9. 9. 2. First Document - Bibliography file Add the following content to the mybib.bib file: @article{sample1, author = {Name, Surname}, title = {A nice paper}, journal = {A nice journal}, year = 2014, volume = {3} }
  10. 10. 3. Compiling the documents 1. Open the file paper.tex with your LaTeX editor 2. Use the editor build commands to generate the PDF ○ build once ○ then build the BibTeX index ○ build a second time ○ build a third time 3. Alternatively you can directly use the following commands: ○ pdflatex paper.tex ○ bibtex paper ○ pdflatex paper.tex ○ pdflatex paper.tex * It is necessary to build documents this way to make sure that the bibliography and the paper are properly synchronized. If this is not done properly, you will end up with undefined citations [?]
  11. 11. 3. Compiling the documents - the output The compiled PDF should look like this:
  12. 12. 4. Basic commands - document structure The document will be styled according to a particular class. Following the class, there will be a preamble and then the main body of the document. documentclass{template} % ...preamble, such as packages to import begin{document} % … body of the document end{document}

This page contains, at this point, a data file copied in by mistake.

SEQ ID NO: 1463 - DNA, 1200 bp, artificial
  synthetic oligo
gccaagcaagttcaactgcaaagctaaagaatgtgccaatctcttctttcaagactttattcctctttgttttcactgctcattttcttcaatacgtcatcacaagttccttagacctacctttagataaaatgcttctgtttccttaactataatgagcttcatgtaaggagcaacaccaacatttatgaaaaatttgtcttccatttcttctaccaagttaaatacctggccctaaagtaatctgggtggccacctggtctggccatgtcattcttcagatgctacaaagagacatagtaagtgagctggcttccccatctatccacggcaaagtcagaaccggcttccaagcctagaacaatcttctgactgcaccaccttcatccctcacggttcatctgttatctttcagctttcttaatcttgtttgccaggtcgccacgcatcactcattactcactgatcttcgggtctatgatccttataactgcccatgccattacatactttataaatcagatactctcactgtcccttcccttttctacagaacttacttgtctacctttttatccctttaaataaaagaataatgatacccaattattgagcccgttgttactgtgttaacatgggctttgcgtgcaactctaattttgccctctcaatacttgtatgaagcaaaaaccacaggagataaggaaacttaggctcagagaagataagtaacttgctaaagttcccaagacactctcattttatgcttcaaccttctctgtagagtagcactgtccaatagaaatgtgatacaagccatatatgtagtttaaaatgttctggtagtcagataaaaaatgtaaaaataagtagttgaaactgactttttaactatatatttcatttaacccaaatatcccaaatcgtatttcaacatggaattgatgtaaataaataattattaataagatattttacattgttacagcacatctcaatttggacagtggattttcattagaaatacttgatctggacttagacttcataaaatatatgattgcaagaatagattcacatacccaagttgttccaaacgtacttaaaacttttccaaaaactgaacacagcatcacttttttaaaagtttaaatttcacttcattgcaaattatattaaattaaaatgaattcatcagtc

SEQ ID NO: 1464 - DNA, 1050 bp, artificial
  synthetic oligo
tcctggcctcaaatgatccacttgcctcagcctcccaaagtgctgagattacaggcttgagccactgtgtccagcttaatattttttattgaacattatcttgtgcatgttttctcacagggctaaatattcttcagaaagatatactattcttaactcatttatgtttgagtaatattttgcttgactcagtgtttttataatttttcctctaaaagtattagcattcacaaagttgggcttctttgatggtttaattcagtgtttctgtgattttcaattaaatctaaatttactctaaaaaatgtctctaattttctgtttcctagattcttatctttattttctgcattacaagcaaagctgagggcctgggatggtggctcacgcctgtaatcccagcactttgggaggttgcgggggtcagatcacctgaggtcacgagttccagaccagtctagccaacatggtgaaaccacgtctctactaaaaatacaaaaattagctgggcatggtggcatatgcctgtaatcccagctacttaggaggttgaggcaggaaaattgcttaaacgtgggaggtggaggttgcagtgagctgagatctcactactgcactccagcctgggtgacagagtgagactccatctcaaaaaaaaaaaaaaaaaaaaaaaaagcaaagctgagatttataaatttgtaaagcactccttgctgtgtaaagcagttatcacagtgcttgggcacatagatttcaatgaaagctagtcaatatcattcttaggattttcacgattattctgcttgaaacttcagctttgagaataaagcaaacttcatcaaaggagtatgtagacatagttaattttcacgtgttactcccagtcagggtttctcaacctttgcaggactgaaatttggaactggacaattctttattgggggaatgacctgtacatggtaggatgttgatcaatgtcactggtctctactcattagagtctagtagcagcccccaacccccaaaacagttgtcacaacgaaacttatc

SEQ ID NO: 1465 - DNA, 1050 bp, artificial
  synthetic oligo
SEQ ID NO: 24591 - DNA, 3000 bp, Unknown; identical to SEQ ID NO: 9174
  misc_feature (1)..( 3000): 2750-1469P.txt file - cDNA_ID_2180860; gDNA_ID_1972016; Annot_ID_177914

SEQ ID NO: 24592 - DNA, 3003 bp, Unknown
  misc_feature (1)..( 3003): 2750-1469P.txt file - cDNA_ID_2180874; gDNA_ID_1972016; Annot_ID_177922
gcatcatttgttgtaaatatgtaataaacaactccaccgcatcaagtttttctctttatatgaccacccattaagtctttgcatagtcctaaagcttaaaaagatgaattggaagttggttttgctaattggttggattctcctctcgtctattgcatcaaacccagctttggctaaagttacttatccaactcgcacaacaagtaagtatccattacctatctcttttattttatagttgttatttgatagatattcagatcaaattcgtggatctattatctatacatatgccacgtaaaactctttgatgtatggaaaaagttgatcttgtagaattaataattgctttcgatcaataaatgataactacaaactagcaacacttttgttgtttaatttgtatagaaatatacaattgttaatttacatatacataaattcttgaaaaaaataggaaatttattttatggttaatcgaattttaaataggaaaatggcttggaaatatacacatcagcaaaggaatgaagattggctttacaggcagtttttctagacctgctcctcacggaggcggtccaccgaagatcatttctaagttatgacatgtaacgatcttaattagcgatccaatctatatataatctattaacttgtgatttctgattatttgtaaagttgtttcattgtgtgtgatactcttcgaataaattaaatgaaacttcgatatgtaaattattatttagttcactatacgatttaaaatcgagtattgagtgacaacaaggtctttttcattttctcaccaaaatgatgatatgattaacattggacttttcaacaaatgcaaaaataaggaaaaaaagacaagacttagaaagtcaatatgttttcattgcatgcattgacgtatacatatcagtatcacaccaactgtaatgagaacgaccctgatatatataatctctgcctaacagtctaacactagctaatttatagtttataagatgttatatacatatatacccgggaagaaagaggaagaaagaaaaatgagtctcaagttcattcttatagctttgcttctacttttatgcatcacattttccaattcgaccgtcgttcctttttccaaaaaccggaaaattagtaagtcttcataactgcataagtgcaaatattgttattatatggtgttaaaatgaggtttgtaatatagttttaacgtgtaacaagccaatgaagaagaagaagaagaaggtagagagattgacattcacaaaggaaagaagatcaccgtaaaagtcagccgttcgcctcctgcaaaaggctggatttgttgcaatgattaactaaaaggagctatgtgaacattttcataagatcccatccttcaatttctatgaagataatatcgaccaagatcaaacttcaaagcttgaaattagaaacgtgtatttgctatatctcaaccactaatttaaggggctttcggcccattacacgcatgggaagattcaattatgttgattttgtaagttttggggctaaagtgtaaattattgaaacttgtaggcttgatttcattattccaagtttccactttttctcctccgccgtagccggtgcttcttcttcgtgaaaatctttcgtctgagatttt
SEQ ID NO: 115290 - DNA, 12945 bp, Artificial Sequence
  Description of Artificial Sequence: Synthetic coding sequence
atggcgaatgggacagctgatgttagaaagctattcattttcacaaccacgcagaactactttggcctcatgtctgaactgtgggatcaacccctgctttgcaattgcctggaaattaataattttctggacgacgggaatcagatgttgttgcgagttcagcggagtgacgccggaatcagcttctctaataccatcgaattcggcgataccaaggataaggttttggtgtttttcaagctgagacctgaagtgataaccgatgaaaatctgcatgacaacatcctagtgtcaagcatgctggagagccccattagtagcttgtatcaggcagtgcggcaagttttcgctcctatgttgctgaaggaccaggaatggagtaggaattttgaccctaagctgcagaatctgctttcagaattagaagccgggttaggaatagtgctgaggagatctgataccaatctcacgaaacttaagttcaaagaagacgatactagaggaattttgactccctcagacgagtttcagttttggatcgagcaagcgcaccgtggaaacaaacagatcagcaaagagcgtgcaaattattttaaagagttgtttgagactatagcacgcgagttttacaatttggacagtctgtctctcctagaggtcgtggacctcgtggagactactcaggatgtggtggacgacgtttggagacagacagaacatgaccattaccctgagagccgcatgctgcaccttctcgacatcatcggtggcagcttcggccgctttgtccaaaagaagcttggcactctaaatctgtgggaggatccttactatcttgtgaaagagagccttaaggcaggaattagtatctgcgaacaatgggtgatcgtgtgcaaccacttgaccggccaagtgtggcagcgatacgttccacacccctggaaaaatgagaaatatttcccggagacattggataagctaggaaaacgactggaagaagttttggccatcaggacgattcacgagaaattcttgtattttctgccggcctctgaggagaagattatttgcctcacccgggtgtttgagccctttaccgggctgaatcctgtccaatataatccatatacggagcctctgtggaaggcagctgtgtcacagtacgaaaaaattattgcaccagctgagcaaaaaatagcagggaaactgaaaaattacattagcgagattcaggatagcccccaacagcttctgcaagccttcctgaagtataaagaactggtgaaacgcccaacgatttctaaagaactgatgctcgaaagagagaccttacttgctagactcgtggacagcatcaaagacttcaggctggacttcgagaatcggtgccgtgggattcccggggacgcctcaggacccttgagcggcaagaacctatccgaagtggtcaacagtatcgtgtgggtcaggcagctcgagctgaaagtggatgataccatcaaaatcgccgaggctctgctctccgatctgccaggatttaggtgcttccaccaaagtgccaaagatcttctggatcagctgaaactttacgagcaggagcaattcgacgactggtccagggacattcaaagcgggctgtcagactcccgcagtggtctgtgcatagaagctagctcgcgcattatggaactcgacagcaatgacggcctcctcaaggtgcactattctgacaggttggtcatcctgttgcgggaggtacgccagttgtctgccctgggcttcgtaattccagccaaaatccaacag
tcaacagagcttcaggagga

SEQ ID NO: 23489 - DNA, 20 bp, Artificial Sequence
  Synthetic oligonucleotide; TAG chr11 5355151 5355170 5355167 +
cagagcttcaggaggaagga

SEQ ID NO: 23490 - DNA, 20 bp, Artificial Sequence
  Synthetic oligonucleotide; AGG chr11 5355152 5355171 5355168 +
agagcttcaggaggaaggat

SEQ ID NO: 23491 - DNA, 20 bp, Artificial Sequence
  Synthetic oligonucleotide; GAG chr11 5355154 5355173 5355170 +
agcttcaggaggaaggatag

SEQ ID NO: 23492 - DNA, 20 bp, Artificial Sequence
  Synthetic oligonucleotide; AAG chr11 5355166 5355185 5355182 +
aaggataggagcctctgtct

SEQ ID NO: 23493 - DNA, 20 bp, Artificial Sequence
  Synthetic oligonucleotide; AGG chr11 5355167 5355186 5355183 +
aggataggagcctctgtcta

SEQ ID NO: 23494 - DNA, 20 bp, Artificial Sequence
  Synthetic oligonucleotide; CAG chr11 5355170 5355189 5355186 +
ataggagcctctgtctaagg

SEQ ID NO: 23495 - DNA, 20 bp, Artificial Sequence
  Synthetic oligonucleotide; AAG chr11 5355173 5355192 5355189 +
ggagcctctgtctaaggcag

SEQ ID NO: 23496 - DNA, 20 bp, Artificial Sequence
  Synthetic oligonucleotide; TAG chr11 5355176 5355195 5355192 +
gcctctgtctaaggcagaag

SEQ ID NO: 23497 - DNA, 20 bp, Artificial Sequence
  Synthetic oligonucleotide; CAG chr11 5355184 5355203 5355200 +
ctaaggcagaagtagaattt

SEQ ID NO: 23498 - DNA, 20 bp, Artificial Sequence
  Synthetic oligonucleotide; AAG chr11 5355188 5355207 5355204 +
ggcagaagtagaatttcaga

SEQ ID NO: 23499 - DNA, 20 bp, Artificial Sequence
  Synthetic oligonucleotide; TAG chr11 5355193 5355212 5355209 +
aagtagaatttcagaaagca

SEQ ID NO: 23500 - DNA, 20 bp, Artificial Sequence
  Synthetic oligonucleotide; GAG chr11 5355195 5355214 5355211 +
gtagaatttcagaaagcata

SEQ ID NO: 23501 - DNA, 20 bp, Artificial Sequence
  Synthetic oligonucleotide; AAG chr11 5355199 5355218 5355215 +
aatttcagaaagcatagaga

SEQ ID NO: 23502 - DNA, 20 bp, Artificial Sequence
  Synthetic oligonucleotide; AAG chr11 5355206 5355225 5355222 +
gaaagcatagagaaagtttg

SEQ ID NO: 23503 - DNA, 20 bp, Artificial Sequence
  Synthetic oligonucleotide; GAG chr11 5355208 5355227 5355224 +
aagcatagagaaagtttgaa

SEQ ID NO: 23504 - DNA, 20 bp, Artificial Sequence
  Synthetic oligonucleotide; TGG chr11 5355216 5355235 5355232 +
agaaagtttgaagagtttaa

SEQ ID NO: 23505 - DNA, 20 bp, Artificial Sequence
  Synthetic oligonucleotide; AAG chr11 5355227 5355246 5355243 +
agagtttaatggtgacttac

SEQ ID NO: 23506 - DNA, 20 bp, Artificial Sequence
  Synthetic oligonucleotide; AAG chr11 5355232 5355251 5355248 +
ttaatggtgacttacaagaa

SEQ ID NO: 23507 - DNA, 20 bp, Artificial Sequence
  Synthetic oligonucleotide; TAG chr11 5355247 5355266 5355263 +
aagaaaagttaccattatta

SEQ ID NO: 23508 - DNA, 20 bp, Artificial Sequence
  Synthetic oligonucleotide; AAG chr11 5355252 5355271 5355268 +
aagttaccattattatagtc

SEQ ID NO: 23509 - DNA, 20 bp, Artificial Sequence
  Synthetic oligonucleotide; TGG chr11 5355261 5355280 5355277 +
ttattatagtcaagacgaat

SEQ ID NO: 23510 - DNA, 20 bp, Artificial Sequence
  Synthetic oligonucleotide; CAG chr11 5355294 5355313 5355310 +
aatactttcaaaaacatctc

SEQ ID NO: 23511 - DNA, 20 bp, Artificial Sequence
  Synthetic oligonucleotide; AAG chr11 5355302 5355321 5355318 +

13. 13. 4. Basic commands - comments Comments can be created using the % symbol. All the text after this symbol will be ignored. This is not a comment. % This is a comment and will be ignored.
  14. 14. 4. Basic commands - packages Extra functionalities might require you to import specific packages. To do this use the usepackage command as follows. Remember to use this command in the preamble: BEFORE the begin{document} command. usepackage{hyperref} For example, this package allows you to use the url command to properly output URLs: This is a url: url{http://www.w3.org/}.
  15. 15. 4. Basic commands - title Title, author and date, followed by the maketitle command title{Sample Title} author{Author's Name} date{5 November 2014} maketitle
  16. 16. 4. Basic commands - abstract The abstract should be enclosed by the following commands: begin{abstract} The abstract text goes here. end{abstract}
  17. 17. 4. Basic commands - sections Divide your text into sections using the following commands: section{Title of another section} Some text here. subsection{Title of a subsection} More text here. subsubsection{Title of a subsubsection} Even more text here.